Poland's prime minister said Monday that his country is building a coalition of nations ready to send German-made Leopard 2 tanks to Ukraine even if Germany does not give formal permission for such transfers.
Mateusz Morawiecki told reporters that Poland will seek Germany's permission, but that asking for Berlin's approval is of secondary importance.
"We are constantly exerting pressure on the government in Berlin to make its Leopards available," Morawiecki said.
A Polish government spokesman, Piotr Mueller, later told state television that seeking Germany's permission was "an important gesture and we will certainly carry it out in the coming days."
German Foreign Minister Annalena Baerbock told French TV channel LCI on Sunday that if Poland were to request permission to send its Leopard 2 tanks to Ukraine, "We would not stand in the way."
Until Baerbock's comments, Germany had been reticent to send its own Leopard 2s to Ukraine or approve their transfer by countries that purchased the tanks from Germany.
Ukraine has long sought heavy tanks to combat Russian forces using more modern tanks than those in Ukraine's arsenal.
Ukrainian President Volodymyr Zelenskyy's chief of staff, Andriy Yermak, wrote Monday on Telegram that what Ukraine needs is not 10-20 tanks, "but several hundred" in order to achieve its goal.
Kremlin spokesman Dmitry Peskov said Monday that the debate among European countries about whether to send Ukraine tanks showed "increasing nervousness" within NATO. He also warned that countries supplying weapons to Ukraine "will carry responsibility for that."
German Chancellor Olaf Scholz on Sunday did not say whether Germany would agree to provide Ukraine with battle tanks, but the Reuters news agency reported that he said such decisions would be made in coordination with allies including the United States.
Scholz's spokesman reiterated Monday that the government "does not rule out" the tanks' transfer but said: "It has not yet been decided."
At the U.S. State Department, Ned Price fielded questions from reporters asking if the United States would support other countries supplying Leopards without Germany's approval.
While Price did not directly answer the questions, he said, "We may be hearing more from our German allies in the coming hours, in the coming days."
French President Emmanuel Macron said he does not rule out the possibility of sending Leclerc tanks to Ukraine. He cautioned, however, that sending tanks must not endanger France's security or escalate the war between Ukraine and Russia.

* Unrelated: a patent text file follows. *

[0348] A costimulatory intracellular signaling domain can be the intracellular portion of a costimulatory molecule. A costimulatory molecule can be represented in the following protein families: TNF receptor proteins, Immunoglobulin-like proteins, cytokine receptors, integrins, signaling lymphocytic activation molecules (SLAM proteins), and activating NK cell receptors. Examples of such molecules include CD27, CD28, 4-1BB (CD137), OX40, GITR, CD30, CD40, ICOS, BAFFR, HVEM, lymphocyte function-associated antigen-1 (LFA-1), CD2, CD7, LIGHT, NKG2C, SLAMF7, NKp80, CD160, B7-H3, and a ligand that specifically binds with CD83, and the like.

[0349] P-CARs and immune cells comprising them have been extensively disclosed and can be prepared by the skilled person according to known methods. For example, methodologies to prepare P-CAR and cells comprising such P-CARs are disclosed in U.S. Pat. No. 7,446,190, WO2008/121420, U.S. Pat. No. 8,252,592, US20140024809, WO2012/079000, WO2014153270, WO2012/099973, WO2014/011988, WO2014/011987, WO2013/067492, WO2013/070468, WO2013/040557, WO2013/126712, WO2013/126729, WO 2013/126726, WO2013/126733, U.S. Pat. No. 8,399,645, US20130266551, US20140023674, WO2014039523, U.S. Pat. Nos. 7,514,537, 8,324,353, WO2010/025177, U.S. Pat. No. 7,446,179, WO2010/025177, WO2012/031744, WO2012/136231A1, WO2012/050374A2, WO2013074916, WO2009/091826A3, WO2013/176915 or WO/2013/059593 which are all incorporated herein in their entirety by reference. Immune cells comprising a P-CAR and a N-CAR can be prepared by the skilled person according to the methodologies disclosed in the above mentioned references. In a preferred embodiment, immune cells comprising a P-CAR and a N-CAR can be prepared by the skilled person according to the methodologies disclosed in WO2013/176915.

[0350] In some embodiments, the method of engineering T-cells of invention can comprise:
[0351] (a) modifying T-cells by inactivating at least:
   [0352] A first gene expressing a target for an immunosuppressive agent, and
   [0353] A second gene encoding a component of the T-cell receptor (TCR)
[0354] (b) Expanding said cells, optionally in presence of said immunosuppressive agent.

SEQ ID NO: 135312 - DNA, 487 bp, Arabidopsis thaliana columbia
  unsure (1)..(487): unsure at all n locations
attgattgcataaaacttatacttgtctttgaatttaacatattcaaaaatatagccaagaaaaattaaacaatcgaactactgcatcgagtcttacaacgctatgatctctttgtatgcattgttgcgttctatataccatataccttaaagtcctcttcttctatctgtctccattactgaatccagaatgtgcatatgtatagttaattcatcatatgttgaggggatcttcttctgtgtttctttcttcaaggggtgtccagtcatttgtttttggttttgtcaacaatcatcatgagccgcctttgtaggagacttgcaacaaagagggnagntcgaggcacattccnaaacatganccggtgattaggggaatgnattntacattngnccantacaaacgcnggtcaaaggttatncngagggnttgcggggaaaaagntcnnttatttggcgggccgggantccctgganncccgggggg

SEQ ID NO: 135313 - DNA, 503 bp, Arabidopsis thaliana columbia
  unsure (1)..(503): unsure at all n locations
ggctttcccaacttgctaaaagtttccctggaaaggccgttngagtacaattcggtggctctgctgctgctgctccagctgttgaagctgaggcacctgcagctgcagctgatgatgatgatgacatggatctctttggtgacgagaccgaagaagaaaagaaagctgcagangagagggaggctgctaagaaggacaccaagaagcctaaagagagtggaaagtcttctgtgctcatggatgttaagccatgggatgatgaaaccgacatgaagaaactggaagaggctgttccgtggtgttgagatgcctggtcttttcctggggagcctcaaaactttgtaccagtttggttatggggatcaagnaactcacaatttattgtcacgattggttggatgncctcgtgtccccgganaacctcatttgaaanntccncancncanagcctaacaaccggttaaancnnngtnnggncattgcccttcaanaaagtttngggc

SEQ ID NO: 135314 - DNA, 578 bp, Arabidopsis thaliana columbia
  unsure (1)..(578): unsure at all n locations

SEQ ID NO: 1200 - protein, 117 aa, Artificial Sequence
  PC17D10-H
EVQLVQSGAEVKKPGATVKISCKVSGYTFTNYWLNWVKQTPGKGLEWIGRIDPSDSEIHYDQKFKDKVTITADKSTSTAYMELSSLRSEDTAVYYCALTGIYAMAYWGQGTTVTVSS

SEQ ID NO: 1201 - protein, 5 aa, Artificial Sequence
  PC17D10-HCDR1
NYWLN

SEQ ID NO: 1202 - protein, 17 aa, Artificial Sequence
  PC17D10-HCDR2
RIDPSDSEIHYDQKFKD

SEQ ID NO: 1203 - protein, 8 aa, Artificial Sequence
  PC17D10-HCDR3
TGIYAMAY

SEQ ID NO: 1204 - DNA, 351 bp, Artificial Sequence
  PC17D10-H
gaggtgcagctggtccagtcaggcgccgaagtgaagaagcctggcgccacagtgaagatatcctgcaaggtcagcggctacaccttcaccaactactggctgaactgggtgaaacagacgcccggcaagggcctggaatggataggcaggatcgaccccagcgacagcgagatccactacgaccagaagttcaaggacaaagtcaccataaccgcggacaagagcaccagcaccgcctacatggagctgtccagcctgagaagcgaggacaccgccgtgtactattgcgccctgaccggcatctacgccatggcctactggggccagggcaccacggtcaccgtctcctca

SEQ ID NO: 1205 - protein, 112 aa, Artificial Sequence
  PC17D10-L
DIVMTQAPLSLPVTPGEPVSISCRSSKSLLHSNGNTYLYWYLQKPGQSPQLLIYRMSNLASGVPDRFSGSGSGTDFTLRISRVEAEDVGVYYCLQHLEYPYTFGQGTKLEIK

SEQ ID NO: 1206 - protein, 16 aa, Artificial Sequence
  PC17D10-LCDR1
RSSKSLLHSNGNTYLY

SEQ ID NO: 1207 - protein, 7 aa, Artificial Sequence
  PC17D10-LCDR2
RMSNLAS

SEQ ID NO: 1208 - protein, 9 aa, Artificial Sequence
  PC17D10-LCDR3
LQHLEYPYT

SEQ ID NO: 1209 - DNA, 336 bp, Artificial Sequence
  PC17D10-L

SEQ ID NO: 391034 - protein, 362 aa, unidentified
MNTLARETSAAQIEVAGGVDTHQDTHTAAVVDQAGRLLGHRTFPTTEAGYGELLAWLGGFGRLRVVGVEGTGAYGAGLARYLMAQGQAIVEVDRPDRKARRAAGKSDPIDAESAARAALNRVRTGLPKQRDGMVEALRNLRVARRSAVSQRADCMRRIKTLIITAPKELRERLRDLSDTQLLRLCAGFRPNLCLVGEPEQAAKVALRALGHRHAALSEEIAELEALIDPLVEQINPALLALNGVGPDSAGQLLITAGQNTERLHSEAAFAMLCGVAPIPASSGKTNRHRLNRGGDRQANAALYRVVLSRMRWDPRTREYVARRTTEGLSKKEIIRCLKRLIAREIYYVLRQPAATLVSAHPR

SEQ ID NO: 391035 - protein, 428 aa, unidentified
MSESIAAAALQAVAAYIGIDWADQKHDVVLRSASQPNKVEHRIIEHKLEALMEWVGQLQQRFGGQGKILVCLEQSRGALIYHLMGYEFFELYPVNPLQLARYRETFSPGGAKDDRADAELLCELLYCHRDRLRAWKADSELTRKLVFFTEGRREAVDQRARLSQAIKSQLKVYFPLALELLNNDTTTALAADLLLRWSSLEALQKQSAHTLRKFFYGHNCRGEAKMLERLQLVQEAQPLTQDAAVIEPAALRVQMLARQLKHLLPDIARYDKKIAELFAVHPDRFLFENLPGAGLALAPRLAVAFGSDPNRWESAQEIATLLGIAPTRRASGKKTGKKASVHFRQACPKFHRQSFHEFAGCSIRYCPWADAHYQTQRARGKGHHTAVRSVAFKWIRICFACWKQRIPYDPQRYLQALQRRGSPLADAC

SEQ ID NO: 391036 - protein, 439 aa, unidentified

British Foreign Minister James Cleverly said Sunday in an interview with Sky News he would like to see the Ukrainians "equipped with things like the Leopard 2."
In Brussels Monday, EU foreign ministers approved a further 500 million euro package of military support for Ukraine. The new aid brings the total amount of EU spending in Ukraine to 3.6 billion euros.
On the battlefield, Russian and Ukrainian troops remain largely static on the front lines, according to a senior U.S. military official who briefed reporters Monday. The official said the exceptions relate to Ukrainian counteroffensive efforts in the eastern city of Kreminna and Russia's efforts to take territory near the eastern city of Bakhmut.
Russia is sending in replacements for units that are seeing heavy casualties, particularly around Bakhmut, according to the official.
In other developments Monday, Zelenskyy said in his evening video address that personnel changes are being carried out in Ukraine's government. The comments come a day after anti-corruption police said they had detained the deputy infrastructure minister over allegations he received a $400,000 bribe over the import of generators last September.
"There are already personnel decisions — some today, some tomorrow — regarding officials at various levels in ministries and other central government structures, as well as in the regions and in law enforcement," Zelenskyy said.
VOA's National Security Correspondent, Jeff Seldin, contributed to this report. Some information came from The Associated Press, Agence France-Presse and Reuters.